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BSL-1 Safety Tips

May 13, 2014 5:57 am | Comments

Standard microbiology practices are usually enough to protect laboratory workers and other employees in the building. These include mechanical pipetting only (no mouth pipetting allowed), safe sharps handling, avoidance of splashes or aerosols, and decontamination of all work surfaces when work is complete. 

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Measuring with Lasers

May 9, 2014 8:24 am | Comments

A laser device allows you to measure in almost any unit and resolution. The use of this type of device makes taking scene measurements a one-person job.                            

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Office Politics: Bad and Good

May 8, 2014 8:50 am | by Martin Seidenfeld, Ph.D. | Comments

Staying away from office politics isn’t easy. Love it or hate it, it’s real, it’s present, and it isn’t going away any time soon. Get used to it, understand it, accept it, and learn to play. Your job, even your long term career, may depend on it.

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Wal-Mart Stores, Inc. Leads with E-Discovery: Part 2

May 7, 2014 8:08 am | by Ken Mohr and Larry Depew | Crime Lab Design | Comments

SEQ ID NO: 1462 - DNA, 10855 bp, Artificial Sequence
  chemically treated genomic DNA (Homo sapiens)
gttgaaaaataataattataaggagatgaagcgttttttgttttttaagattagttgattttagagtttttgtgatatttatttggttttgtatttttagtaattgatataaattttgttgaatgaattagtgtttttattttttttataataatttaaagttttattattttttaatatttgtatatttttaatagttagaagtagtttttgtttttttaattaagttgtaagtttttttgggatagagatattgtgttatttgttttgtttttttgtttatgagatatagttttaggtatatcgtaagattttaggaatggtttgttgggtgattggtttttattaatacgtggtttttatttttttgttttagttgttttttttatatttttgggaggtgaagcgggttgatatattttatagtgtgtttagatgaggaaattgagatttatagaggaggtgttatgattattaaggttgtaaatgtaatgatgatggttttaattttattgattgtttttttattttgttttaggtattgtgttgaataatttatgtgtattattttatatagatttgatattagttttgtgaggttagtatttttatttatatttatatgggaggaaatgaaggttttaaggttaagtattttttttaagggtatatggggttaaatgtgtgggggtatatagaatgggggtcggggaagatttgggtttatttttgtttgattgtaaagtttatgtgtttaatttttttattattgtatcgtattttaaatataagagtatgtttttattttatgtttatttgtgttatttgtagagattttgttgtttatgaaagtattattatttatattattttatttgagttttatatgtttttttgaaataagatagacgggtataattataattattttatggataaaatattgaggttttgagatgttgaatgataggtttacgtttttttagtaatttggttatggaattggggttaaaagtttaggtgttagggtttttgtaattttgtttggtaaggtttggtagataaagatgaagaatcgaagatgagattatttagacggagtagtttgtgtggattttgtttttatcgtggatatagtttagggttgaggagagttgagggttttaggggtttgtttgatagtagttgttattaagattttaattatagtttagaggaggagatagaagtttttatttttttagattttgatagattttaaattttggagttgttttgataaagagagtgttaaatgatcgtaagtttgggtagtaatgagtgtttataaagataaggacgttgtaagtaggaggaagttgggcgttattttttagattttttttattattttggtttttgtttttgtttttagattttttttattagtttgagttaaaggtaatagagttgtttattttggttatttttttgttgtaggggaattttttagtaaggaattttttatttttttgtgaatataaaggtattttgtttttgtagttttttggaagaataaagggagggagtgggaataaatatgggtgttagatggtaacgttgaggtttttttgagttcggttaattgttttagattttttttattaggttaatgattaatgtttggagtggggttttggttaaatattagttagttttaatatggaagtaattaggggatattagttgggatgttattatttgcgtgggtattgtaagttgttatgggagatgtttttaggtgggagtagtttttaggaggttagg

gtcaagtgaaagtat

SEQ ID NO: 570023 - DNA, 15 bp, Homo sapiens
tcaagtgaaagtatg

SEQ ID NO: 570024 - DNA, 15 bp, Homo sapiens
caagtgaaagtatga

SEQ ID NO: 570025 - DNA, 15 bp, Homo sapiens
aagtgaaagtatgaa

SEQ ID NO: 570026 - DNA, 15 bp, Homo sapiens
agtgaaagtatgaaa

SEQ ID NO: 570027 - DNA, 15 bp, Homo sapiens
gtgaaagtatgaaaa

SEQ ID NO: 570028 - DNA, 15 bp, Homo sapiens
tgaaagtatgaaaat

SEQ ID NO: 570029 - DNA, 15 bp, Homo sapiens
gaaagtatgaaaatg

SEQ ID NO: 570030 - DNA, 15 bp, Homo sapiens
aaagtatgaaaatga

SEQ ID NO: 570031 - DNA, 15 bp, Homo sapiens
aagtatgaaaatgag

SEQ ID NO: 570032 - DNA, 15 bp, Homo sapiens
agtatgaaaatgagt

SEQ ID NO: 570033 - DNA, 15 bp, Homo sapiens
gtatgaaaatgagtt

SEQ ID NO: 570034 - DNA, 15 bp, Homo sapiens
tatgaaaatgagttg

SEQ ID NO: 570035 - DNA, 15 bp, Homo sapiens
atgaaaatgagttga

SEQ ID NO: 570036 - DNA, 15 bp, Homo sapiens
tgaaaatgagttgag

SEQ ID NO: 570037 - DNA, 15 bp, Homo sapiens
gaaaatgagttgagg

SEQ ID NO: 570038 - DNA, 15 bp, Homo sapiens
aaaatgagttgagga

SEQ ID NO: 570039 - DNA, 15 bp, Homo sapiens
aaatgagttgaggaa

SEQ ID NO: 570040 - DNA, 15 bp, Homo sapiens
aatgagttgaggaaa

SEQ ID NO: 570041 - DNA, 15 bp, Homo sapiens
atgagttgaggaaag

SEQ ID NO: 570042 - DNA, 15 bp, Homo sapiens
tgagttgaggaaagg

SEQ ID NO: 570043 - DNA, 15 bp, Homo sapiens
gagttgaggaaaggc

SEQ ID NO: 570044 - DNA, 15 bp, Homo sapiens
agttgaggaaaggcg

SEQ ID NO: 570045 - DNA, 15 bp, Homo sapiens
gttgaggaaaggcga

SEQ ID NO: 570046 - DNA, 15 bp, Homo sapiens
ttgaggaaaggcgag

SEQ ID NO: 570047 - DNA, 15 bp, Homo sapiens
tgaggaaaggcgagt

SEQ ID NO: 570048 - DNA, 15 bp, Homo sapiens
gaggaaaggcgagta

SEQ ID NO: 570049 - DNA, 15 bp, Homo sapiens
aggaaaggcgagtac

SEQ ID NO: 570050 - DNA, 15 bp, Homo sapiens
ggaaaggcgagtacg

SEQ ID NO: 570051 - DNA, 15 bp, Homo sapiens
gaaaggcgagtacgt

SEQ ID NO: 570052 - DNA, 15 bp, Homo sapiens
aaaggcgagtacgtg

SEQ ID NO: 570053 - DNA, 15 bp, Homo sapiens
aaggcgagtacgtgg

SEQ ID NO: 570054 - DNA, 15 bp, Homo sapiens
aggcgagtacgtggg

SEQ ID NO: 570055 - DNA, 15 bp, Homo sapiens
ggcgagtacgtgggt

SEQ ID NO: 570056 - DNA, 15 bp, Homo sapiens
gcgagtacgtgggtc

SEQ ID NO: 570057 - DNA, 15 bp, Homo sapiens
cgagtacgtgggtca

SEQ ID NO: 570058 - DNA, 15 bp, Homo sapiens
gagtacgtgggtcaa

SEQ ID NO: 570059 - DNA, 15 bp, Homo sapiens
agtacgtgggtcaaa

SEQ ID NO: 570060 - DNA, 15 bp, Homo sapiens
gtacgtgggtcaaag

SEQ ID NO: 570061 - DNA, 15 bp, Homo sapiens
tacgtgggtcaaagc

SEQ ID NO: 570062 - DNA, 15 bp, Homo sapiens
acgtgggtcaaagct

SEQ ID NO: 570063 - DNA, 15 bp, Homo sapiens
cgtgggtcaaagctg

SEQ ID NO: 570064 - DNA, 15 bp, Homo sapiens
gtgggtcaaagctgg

During the development time of this article and publishing “Part One”; Walmart’s E-Discovery and Forensic Services Laboratory has achieved ASCLD/LAB accreditation. Ken Mohr, a principal at Crime Lab Design, will now continue to explore some of the physical space needs that attributed to the project’s success with Larry Depew whose company, Digital Forensics.US, LLC consulted on the project.

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Store Hazardous Substances

May 6, 2014 8:59 am | Comments

If there is anything that all laboratories have it is bottles and bottles of chemicals. Forensic laboratories are no exception. If we are not diligent in properly handling and storing these hazardous substances, problems are sure to arise. Potential problems run the gamut from minor inconvenience to life threateningly serious.

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Creating a Field Sketch

May 2, 2014 8:24 am | by Kent E. Boots | FactualDiagrams.com | Comments

Proper scene documentation starts with creating a field sketch; one of the most important pieces of the puzzle. A sketch is a rough drawing of the layout of the street or floor plan of the building. The sketch should include roadway widths, etc. or dimensional room data when hand measuring a scene.

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Classify and Manage Appropriately

April 30, 2014 5:03 pm | Comments

Even when you do everything right during the hiring process, you may still be surprised once the employee comes on board. Team dynamics or changing personal circumstances can affect individual behavior and performance.         

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Solid State Drives: Part 5

April 30, 2014 10:37 am | by John J. Barbara | Comments

The way in which an SSD stores data is totally different from how data is stored on a traditional hard drive. To fully comprehend how an SSD functions and provide insight into their forensic examination, it is necessary to understand SSD terminology.